Here are some thoughts on Huxley’s dystopian (utopian?) vision in relation to our world, provided by Matthew Polinski:
In lecture Dan mentioned Huxley’s (or someone else’s?) ideas on repressed societies. It was mentioned that Huxley posited repressed societies do not notice how repressed they are, or maybe that they are at all repressed. Brave New World certainly has a repressed population. How repressed are we in Canada and Western Society as a whole? Do we notice it?
While reading Brave New World a certain passage connected in my mind to an article I had read on a recent current event. In lecture this connection grew deeper roots. Here is the passage from Brave New World and the passages from the article that made me consider repression in our society that may: (a) Be noticeable; (b) Be right under our nose–perhaps we can even smell it but do not ever take clear look at it and consider it; (c) we may not sense our repression at all or that we willingly concede it.
“In the end,” said Mustapha Mond, “the Controller’s realized that force was no good. The slower but infinitely surer methods of ectogenesis, neo-Pavlovian, conditioning and hypnopaedia…” (Huxley 43, Polinski’s emphasis)
In “Unmournable Bodies,” published in the wake of the Paris attacks earlier this month, Teju Cole writes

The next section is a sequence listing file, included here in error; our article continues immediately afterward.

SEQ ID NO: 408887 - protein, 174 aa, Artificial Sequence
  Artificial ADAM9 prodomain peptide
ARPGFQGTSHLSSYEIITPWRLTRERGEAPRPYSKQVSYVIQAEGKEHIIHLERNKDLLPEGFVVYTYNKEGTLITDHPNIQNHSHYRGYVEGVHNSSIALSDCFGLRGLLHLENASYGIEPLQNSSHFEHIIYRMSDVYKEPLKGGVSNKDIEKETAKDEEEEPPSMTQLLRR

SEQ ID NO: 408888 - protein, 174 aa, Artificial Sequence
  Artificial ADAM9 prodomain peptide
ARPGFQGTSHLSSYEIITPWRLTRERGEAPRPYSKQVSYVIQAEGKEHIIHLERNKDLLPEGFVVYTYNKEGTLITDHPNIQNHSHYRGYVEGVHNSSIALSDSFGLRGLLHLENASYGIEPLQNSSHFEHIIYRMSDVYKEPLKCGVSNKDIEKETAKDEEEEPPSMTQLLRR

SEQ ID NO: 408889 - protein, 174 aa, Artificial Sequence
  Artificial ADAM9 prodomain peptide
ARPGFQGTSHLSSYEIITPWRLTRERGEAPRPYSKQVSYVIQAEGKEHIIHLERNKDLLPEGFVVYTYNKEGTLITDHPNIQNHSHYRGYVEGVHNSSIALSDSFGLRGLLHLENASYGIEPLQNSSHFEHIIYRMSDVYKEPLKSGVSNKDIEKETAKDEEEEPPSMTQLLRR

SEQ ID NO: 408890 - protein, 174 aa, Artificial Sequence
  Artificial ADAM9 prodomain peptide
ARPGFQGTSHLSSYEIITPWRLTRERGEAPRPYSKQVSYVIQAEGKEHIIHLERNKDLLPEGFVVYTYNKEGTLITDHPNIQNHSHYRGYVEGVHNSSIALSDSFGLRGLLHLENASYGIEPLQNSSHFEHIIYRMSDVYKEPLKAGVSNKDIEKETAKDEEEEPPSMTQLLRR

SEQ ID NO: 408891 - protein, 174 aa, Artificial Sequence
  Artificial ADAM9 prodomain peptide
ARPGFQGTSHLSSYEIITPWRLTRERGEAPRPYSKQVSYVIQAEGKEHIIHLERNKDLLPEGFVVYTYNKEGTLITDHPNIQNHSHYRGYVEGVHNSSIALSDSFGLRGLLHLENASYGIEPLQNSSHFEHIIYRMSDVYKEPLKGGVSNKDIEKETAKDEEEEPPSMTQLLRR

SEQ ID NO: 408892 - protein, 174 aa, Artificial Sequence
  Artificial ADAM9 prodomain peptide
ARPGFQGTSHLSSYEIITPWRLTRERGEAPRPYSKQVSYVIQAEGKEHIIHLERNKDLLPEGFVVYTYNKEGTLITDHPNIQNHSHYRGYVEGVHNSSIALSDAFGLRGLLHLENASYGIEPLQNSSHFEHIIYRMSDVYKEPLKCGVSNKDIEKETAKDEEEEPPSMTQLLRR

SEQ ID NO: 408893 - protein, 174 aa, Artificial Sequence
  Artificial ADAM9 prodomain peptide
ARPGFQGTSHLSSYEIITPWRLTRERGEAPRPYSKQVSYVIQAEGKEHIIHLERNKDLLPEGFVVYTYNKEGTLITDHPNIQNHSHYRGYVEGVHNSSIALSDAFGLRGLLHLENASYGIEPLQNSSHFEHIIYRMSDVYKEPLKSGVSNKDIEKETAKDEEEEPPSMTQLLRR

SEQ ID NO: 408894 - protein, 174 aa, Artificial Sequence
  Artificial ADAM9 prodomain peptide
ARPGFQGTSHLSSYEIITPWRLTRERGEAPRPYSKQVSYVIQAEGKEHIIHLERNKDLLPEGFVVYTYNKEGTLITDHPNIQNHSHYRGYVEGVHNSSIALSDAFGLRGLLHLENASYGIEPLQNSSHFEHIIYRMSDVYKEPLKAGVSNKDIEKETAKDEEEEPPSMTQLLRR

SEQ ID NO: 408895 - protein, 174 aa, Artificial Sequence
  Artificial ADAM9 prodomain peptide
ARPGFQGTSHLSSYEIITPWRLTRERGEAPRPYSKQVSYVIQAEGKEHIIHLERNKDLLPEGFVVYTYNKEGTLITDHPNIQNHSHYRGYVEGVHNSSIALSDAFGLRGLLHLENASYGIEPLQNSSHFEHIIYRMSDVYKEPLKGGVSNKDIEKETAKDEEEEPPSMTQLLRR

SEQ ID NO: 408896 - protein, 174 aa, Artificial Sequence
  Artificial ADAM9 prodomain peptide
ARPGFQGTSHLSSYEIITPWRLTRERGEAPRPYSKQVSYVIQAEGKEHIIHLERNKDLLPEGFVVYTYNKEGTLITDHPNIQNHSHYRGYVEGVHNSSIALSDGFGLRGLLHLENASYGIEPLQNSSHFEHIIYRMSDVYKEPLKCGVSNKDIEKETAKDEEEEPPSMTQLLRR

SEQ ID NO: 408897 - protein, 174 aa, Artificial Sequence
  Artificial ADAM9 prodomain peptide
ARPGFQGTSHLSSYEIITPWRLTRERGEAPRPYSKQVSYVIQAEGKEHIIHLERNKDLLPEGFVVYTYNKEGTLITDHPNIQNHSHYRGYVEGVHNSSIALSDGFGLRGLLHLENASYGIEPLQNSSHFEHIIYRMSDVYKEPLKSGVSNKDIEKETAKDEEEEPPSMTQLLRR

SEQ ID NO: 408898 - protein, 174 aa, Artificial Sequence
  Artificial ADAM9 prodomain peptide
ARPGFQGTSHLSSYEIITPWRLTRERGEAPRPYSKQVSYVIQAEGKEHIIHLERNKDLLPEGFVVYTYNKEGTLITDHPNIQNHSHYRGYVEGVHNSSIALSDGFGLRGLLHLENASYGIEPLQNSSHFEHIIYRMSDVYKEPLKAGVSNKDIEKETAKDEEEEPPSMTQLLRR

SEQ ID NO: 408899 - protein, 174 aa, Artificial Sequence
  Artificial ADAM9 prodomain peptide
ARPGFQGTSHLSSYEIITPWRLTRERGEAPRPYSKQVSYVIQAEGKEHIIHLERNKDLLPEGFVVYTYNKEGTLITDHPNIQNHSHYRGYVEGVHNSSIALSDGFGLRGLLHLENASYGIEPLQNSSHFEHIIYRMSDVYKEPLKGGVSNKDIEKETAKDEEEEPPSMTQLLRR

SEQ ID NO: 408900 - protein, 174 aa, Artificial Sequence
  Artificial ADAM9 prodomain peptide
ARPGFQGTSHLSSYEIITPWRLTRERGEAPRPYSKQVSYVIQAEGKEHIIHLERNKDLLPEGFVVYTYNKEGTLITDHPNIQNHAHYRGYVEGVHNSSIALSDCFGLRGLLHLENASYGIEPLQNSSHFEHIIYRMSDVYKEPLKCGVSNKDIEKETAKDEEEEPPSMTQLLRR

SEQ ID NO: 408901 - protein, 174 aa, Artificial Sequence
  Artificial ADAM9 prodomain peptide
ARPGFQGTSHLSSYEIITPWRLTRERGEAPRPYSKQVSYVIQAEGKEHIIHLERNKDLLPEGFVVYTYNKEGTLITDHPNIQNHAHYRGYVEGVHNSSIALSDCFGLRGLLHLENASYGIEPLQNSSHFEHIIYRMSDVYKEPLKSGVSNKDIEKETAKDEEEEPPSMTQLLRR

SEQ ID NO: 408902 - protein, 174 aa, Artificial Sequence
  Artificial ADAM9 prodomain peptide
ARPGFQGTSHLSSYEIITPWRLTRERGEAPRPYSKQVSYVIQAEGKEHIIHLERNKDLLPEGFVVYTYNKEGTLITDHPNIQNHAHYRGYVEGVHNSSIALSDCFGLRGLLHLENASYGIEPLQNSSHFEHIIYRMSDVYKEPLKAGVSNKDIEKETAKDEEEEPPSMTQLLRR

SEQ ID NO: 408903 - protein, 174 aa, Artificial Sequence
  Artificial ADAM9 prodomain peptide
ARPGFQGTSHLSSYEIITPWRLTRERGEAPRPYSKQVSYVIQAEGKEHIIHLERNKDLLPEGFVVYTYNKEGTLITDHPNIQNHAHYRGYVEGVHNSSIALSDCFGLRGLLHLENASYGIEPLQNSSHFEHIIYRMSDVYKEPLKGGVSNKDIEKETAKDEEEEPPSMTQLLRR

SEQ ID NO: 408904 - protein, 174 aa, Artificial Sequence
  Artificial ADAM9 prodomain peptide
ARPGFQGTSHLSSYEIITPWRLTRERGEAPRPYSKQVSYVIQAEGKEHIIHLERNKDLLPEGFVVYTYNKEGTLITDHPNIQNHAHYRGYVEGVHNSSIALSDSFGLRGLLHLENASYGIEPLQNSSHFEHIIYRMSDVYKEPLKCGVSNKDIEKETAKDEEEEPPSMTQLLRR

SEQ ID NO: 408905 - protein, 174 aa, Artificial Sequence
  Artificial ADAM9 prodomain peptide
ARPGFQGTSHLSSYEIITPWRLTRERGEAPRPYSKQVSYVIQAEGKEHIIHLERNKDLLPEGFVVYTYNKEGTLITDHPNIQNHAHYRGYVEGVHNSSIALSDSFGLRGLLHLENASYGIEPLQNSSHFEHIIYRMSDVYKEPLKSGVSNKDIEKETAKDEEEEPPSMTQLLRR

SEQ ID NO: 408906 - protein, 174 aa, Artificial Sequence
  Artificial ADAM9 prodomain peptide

Rather than posit that the Paris attacks are the moment of crisis in free speech—as so many commentators have done—it is necessary to understand that free speech and other expressions of liberté are already in crisis in Western societies…. The U.S., the U.K., and France approach statecraft in different ways, but they are allies in a certain vision of the world…. Heresies against state power are monitored and punished. People have been arrested for making anti-military or anti-police comments on social media in the U.K. Mass surveillance has had a chilling effect on journalism and on the practice of the law in the U.S. Meanwhile, the armed forces and intelligence agencies in these countries demand, and generally receive, unwavering support from their citizens. (Cole n.p., Polinski’s emphases, Dan’s ellipses)
Cole, Teju. “Unmournable Bodies.” The New Yorker, 9 Jan. 2015. Web. 22 Jan. 2015.
Huxley, Aldous. Brave New World. Toronto: Vintage, 2007 .
(Dan here again. Matt draws interesting and provocative connections between the practice of conditioned docility in Huxley and surveillance in today’s secular democracies (among other states). What do you think of this comparison? Is it fair? It is accurate? What is the link, if any, between “unwavering support” from the citizenry and surveillance on those very same citizens by their government? How is this acceptance bought or, if you prefer, sold? To bring back a question I asked in the first lecture: is our society closer to Huxley’s or to Orwell’s in 1984? Or are both comparisons unhelpful? If so, what future fiction better approximates our present?)